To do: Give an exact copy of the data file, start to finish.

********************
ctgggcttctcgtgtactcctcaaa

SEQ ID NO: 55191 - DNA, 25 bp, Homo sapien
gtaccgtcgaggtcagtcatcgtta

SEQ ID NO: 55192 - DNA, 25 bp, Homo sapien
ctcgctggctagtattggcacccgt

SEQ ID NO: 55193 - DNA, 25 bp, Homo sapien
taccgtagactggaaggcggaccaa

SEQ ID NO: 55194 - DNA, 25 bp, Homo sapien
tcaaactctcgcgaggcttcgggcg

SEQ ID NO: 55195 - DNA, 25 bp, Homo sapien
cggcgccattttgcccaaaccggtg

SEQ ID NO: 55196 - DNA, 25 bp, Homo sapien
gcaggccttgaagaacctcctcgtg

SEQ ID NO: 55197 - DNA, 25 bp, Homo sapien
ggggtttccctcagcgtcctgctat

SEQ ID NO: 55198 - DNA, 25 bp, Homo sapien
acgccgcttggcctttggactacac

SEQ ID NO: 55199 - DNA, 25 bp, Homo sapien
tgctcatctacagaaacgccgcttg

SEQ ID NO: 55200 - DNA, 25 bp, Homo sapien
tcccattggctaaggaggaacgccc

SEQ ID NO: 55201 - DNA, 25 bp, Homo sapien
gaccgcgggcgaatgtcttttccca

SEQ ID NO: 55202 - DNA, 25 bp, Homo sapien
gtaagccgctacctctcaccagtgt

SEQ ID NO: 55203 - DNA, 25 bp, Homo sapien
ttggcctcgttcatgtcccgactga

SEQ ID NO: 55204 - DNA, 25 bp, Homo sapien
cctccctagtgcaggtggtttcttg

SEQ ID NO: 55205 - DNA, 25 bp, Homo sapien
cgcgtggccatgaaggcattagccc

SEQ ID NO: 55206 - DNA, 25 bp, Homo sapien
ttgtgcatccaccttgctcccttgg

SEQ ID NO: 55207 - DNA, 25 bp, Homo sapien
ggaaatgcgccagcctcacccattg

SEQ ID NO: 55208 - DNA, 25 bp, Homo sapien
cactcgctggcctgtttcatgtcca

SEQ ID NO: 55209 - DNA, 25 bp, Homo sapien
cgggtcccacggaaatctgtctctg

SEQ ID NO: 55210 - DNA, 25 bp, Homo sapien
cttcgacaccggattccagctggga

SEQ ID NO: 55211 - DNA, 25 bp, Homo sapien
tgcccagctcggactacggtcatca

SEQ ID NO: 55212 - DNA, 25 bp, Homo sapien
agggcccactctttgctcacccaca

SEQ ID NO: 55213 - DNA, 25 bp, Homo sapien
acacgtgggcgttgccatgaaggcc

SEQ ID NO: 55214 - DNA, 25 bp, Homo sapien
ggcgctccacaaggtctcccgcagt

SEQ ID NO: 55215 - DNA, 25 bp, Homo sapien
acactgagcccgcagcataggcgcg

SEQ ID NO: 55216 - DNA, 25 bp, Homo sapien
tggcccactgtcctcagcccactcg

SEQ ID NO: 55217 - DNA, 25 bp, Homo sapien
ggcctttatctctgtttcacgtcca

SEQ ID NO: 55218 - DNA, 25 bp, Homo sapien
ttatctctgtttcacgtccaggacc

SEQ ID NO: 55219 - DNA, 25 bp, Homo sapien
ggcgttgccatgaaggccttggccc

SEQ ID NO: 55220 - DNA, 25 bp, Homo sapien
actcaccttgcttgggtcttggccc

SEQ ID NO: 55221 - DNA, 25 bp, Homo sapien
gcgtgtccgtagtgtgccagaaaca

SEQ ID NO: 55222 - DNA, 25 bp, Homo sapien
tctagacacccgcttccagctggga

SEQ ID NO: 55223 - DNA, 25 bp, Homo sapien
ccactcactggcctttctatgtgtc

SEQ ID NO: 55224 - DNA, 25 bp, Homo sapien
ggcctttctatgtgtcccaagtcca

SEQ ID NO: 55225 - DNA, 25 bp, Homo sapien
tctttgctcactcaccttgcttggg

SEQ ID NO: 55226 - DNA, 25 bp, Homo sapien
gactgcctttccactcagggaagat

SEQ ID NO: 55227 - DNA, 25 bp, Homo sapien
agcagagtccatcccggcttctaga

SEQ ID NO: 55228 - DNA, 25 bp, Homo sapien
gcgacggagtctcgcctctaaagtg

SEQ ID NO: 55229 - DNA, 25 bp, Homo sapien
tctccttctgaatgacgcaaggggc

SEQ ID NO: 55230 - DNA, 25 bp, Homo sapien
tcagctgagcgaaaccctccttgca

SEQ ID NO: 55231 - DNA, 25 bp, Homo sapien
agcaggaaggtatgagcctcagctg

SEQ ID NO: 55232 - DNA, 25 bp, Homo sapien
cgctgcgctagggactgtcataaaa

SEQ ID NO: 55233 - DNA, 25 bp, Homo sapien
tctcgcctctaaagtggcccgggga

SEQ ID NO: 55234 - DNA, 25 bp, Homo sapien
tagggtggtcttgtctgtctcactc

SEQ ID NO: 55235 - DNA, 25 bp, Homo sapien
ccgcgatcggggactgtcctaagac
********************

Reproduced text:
ctgggcttctcgtgtactcctcaaa

SEQ ID NO: 55191 - DNA, 25 bp, Homo sapien
gtaccgtcgaggtcagtcatcgtta

SEQ ID NO: 55192 - DNA, 25 bp, Homo sapien
ctcgctggctagtattggcacccgt

SEQ ID NO: 55193 - DNA, 25 bp, Homo sapien
taccgtagactggaaggcggaccaa

SEQ ID NO: 55194 - DNA, 25 bp, Homo sapien
tcaaactctcgcgaggcttcgggcg

SEQ ID NO: 55195 - DNA, 25 bp, Homo sapien
cggcgccattttgcccaaaccggtg

SEQ ID NO: 55196 - DNA, 25 bp, Homo sapien
gcaggccttgaagaacctcctcgtg

SEQ ID NO: 55197 - DNA, 25 bp, Homo sapien
ggggtttccctcagcgtcctgctat

SEQ ID NO: 55198 - DNA, 25 bp, Homo sapien
acgccgcttggcctttggactacac

SEQ ID NO: 55199 - DNA, 25 bp, Homo sapien
tgctcatctacagaaacgccgcttg

SEQ ID NO: 55200 - DNA, 25 bp, Homo sapien
tcccattggctaaggaggaacgccc

SEQ ID NO: 55201 - DNA, 25 bp, Homo sapien
gaccgcgggcgaatgtcttttccca

SEQ ID NO: 55202 - DNA, 25 bp, Homo sapien
gtaagccgctacctctcaccagtgt

SEQ ID NO: 55203 - DNA, 25 bp, Homo sapien
ttggcctcgttcatgtcccgactga

SEQ ID NO: 55204 - DNA, 25 bp, Homo sapien
cctccctagtgcaggtggtttcttg

SEQ ID NO: 55205 - DNA, 25 bp, Homo sapien
cgcgtggccatgaaggcattagccc

SEQ ID NO: 55206 - DNA, 25 bp, Homo sapien
ttgtgcatccaccttgctcccttgg

SEQ ID NO: 55207 - DNA, 25 bp, Homo sapien
ggaaatgcgccagcctcacccattg

SEQ ID NO: 55208 - DNA, 25 bp, Homo sapien
cactcgctggcctgtttcatgtcca

SEQ ID NO: 55209 - DNA, 25 bp, Homo sapien
cgggtcccacggaaatctgtctctg

SEQ ID NO: 55210 - DNA, 25 bp, Homo sapien
cttcgacaccggattccagctggga

SEQ ID NO: 55211 - DNA, 25 bp, Homo sapien
tgcccagctcggactacggtcatca

SEQ ID NO: 55212 - DNA, 25 bp, Homo sapien
agggcccactctttgctcacccaca

SEQ ID NO: 55213 - DNA, 25 bp, Homo sapien
acacgtgggcgttgccatgaaggcc

SEQ ID NO: 55214 - DNA, 25 bp, Homo sapien
ggcgctccacaaggtctcccgcagt

SEQ ID NO: 55215 - DNA, 25 bp, Homo sapien
acactgagcccgcagcataggcgcg

SEQ ID NO: 55216 - DNA, 25 bp, Homo sapien
tggcccactgtcctcagcccactcg

SEQ ID NO: 55217 - DNA, 25 bp, Homo sapien
ggcctttatctctgtttcacgtcca

SEQ ID NO: 55218 - DNA, 25 bp, Homo sapien
ttatctctgtttcacgtccaggacc

SEQ ID NO: 55219 - DNA, 25 bp, Homo sapien
ggcgttgccatgaaggccttggccc

SEQ ID NO: 55220 - DNA, 25 bp, Homo sapien
actcaccttgcttgggtcttggccc

SEQ ID NO: 55221 - DNA, 25 bp, Homo sapien
gcgtgtccgtagtgtgccagaaaca

SEQ ID NO: 55222 - DNA, 25 bp, Homo sapien
tctagacacccgcttccagctggga

SEQ ID NO: 55223 - DNA, 25 bp, Homo sapien
ccactcactggcctttctatgtgtc

SEQ ID NO: 55224 - DNA, 25 bp, Homo sapien
ggcctttctatgtgtcccaagtcca

SEQ ID NO: 55225 - DNA, 25 bp, Homo sapien
tctttgctcactcaccttgcttggg

SEQ ID NO: 55226 - DNA, 25 bp, Homo sapien
gactgcctttccactcagggaagat

SEQ ID NO: 55227 - DNA, 25 bp, Homo sapien
agcagagtccatcccggcttctaga

SEQ ID NO: 55228 - DNA, 25 bp, Homo sapien
gcgacggagtctcgcctctaaagtg

SEQ ID NO: 55229 - DNA, 25 bp, Homo sapien
tctccttctgaatgacgcaaggggc

SEQ ID NO: 55230 - DNA, 25 bp, Homo sapien
tcagctgagcgaaaccctccttgca

SEQ ID NO: 55231 - DNA, 25 bp, Homo sapien
agcaggaaggtatgagcctcagctg

SEQ ID NO: 55232 - DNA, 25 bp, Homo sapien
cgctgcgctagggactgtcataaaa

SEQ ID NO: 55233 - DNA, 25 bp, Homo sapien
tctcgcctctaaagtggcccgggga

SEQ ID NO: 55234 - DNA, 25 bp, Homo sapien
tagggtggtcttgtctgtctcactc

SEQ ID NO: 55235 - DNA, 25 bp, Homo sapien
ccgcgatcggggactgtcctaagac